Photos: World record setting solar flight at D/FW



Posted on May 23, 2013 at 11:04 AM

Updated Monday, Dec 2 at 2:52 PM

GRAPEVINE - Did you see a mysterious craft in the skies above North Texas overnight? Well, we're here to solve that mystery for you.

It was actually the world's most advanced solar plane and it landed at about 1:08 a.m. Thursday at the Dallas/Fort Worth International Airport after flying about 20 hours from Phoenix.

The carbon fibre Solar Impulse, with a 208-foot wingspan, flew in from Phoenix during its second leg of a cross-country trip that began May 3 from the San Francisco Bay Area. The plane is the first able to fly day and night without fuel or polluting emissions.

"When we fly this plane, it's just gorgeous," said Bertrand Piccard, a Swiss inventor born in France who co-founded the Impulse team with André Borschberg. "It's completely silent. It's strange to fly, so for a pilot it's a challenge. It flies slowly so you have a beautiful view. The goal is not to go fast; the goal is to fly almost forever."

While Piccard flew the first leg of the trip, Borschberg was in the pilot's seat during the second leg that started at about 5 a.m. Wednesday in Phoenix and was completed at D/FW. With a distance of about 830 miles, the flight set an absolute distance world record in solar aviation.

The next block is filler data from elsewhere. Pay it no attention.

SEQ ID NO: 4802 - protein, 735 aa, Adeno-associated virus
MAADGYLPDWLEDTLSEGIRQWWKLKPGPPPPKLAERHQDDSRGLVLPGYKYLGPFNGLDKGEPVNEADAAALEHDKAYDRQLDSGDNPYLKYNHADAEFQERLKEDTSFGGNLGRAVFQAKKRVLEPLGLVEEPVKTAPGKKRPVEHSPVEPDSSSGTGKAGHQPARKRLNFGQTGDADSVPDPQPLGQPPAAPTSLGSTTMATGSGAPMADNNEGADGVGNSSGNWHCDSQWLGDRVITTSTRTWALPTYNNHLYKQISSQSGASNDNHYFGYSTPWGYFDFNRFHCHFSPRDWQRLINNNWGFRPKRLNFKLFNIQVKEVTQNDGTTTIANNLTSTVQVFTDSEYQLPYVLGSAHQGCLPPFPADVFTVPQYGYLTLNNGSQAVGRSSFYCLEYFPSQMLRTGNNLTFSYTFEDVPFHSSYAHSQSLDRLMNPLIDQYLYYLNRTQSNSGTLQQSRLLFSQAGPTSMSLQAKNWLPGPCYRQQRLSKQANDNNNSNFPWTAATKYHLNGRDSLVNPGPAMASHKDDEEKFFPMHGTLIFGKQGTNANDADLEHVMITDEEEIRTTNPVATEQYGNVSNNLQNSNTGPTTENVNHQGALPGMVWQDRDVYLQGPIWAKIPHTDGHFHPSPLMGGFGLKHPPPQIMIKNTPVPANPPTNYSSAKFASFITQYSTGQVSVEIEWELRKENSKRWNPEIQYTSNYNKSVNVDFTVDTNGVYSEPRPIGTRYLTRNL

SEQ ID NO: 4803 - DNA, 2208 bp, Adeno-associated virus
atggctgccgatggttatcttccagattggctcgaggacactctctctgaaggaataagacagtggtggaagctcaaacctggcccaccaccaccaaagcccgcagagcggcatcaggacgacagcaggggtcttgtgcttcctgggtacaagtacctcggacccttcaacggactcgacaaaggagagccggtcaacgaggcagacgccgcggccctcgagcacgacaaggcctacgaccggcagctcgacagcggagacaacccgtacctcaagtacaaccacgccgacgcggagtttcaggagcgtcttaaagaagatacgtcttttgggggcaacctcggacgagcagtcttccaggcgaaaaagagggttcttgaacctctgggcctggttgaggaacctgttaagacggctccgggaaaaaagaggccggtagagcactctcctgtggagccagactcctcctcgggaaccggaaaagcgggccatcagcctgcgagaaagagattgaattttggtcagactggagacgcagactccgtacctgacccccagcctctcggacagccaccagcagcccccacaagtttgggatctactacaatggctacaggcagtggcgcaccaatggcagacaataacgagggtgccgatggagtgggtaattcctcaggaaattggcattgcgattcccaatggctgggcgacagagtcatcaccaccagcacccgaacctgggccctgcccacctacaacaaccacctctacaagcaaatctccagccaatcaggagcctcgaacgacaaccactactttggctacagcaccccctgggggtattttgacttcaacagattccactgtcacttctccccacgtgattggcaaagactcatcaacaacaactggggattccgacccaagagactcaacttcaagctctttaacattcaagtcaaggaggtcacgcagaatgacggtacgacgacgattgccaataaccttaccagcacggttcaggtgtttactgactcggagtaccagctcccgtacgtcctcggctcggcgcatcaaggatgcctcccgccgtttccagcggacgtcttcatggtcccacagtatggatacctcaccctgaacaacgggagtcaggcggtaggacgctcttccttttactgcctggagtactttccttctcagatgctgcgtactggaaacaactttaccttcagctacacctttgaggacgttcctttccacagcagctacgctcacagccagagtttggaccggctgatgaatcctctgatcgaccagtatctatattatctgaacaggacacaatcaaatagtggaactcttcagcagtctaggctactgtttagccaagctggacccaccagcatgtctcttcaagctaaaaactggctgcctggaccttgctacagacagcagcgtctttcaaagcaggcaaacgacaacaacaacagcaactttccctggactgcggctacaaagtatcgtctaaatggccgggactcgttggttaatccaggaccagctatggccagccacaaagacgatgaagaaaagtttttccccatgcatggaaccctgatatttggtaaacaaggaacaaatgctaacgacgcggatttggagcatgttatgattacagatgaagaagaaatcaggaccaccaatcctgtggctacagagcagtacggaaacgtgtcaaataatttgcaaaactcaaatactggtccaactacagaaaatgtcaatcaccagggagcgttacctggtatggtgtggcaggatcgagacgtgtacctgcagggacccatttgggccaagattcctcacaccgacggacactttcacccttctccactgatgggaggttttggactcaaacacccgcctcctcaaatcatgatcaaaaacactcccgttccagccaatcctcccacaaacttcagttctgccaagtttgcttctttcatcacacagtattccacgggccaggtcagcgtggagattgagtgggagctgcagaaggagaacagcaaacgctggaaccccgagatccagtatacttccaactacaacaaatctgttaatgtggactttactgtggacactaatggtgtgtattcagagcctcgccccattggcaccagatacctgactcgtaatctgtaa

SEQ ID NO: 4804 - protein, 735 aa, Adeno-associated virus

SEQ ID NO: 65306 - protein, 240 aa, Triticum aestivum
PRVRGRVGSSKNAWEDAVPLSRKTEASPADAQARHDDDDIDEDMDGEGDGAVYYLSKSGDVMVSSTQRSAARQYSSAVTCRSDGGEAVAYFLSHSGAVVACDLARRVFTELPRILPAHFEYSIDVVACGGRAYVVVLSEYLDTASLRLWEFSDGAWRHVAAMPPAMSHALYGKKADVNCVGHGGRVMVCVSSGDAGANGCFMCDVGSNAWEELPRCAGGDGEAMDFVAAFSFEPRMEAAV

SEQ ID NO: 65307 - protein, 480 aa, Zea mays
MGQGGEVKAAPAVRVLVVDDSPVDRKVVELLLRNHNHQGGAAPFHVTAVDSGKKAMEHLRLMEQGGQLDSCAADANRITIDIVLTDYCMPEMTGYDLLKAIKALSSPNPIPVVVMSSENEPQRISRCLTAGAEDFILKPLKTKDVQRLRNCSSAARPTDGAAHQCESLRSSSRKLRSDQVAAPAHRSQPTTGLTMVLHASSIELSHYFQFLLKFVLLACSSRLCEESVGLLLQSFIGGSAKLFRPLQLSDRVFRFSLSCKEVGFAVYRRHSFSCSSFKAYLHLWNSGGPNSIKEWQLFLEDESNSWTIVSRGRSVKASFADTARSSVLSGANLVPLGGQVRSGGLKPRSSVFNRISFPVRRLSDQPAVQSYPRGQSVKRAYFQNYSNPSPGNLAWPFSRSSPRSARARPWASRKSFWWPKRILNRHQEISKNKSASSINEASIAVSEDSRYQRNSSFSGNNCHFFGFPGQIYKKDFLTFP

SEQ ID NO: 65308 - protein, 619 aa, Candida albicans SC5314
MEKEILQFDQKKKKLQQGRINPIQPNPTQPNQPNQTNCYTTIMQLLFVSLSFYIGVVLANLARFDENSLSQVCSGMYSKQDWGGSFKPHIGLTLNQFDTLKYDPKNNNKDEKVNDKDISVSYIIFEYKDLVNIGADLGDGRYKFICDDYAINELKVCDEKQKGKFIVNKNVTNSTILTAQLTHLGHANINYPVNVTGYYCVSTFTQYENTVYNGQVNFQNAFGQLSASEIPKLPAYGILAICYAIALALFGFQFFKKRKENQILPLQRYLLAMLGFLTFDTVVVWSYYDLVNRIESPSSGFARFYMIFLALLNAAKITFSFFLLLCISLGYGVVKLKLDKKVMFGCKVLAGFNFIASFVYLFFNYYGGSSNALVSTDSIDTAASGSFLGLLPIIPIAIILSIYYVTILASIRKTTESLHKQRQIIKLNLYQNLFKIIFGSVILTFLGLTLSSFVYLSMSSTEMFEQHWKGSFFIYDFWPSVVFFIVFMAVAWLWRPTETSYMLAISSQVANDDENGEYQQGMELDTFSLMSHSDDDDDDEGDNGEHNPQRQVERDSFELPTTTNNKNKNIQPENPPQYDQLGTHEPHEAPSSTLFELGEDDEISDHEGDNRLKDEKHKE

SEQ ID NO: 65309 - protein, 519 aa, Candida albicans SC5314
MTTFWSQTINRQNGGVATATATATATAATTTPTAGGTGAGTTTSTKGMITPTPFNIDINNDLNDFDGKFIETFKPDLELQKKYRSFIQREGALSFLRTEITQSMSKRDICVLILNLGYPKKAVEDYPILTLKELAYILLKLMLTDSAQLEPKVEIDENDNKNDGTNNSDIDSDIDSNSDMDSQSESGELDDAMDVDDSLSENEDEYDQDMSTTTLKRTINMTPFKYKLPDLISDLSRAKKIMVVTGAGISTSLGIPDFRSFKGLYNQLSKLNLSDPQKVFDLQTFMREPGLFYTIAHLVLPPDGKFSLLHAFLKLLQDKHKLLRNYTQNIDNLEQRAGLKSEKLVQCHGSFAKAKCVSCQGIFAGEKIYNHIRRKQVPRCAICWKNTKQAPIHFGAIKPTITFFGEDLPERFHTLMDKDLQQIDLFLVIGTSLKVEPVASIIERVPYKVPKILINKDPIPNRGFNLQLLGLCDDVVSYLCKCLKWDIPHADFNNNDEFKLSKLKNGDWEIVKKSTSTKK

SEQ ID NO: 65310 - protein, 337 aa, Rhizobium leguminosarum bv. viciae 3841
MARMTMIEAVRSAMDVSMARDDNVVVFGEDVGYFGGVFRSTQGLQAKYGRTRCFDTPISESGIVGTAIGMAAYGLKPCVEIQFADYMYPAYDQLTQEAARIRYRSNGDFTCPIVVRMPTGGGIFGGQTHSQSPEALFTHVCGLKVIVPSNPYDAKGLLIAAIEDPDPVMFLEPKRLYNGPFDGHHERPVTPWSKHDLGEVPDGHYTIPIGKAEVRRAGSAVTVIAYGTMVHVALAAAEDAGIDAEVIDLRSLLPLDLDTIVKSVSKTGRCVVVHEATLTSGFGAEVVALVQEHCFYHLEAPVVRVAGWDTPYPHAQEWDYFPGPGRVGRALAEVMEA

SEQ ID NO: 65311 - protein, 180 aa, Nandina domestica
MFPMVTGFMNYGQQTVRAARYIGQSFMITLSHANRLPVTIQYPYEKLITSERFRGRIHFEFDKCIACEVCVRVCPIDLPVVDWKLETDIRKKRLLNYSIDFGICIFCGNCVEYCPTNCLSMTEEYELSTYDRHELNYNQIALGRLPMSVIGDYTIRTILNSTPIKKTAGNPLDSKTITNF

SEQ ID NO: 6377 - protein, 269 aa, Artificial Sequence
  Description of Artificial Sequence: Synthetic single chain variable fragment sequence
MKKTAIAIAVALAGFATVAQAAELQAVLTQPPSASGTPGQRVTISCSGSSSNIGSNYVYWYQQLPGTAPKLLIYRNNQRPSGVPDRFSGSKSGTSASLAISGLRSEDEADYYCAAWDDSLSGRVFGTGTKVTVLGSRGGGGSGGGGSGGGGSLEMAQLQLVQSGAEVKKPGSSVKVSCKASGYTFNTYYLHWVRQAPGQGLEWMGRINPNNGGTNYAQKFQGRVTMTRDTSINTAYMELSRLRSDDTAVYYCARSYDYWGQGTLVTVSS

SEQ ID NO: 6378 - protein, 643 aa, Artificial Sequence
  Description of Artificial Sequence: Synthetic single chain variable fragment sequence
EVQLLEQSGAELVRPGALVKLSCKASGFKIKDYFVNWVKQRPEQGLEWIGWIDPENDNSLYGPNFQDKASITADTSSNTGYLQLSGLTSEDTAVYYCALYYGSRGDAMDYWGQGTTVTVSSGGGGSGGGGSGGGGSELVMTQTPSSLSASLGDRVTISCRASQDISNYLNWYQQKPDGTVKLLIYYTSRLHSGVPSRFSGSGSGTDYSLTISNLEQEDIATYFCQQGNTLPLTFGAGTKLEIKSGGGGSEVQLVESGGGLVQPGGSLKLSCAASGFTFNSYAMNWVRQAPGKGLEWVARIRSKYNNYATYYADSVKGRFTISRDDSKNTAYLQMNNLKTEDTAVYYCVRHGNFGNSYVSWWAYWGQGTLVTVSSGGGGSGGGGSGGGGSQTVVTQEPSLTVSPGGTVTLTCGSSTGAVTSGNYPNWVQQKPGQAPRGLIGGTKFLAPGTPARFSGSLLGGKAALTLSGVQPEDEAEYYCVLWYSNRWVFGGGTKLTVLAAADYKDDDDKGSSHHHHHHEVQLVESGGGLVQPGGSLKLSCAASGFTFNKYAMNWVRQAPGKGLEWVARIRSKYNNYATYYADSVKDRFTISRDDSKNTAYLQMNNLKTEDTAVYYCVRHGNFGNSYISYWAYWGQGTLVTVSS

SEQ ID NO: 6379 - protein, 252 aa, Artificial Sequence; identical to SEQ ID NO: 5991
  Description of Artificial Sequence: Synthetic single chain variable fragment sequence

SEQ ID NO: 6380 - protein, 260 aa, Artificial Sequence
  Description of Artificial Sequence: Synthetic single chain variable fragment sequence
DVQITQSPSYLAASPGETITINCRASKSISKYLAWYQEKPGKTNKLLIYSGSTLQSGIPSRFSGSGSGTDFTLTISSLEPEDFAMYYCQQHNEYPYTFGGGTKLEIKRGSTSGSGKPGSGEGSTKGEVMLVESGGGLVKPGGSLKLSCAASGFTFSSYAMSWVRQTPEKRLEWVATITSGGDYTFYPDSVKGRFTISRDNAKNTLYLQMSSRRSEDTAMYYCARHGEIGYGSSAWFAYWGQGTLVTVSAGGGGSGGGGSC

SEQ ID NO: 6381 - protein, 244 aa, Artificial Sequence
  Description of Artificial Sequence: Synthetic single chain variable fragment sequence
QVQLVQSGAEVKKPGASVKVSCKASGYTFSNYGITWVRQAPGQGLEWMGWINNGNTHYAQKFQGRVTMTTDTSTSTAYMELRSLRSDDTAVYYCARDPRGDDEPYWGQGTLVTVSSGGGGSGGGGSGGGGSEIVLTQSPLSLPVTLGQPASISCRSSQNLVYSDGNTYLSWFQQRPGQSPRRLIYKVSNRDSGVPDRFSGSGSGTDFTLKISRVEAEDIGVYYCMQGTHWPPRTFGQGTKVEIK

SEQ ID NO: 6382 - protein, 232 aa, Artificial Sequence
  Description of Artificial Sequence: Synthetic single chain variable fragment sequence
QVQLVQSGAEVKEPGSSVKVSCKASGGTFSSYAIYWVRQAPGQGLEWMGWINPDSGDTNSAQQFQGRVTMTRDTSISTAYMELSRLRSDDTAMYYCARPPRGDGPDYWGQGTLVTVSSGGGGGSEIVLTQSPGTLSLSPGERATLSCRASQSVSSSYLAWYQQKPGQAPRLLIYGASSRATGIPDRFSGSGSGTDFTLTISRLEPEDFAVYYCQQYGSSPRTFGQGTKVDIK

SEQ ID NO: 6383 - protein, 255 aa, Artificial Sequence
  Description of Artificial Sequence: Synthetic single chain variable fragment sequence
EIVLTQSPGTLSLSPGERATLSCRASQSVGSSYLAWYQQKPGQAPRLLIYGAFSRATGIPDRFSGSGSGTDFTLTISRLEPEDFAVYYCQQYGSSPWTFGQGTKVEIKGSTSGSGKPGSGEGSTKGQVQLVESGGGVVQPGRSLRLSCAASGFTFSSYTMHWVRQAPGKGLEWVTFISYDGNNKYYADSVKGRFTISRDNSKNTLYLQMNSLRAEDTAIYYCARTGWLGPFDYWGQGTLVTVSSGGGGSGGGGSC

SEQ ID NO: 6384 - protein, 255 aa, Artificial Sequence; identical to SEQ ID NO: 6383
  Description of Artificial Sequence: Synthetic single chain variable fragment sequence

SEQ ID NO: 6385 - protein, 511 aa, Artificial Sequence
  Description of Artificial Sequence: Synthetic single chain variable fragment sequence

Next on the itinerary for the Solar Impulse is St. Louis and a trip around the world is planned sometime in the next two years.

How does it fly using solar power at night? Here their answer:

At midday, each square meter of land surface receives, in the form of light energy, the equivalent of 1000 watts, or 1.3 horsepower of light power. Over 24 hours, this sun energy averages out at just 250W/m². With 200m² of photovoltaic cells and a 12 % total efficiency of the propulsion chain, the plane’s motors achieve an average power of 8 HP or 6kW.

That’s roughly the amount of power the Wright brothers had available to them in 1903 when they made their first powered flight. And it is with that energy, optimized from the solar panel to the propeller, that Solar Impulse managed to fly day and night without fuel!

You can check out the plane for free at an open house from 11 a.m. to 4:45 p.m. Saturday at D/FW Airport. Click here to register.

Read more about the plane at their official site.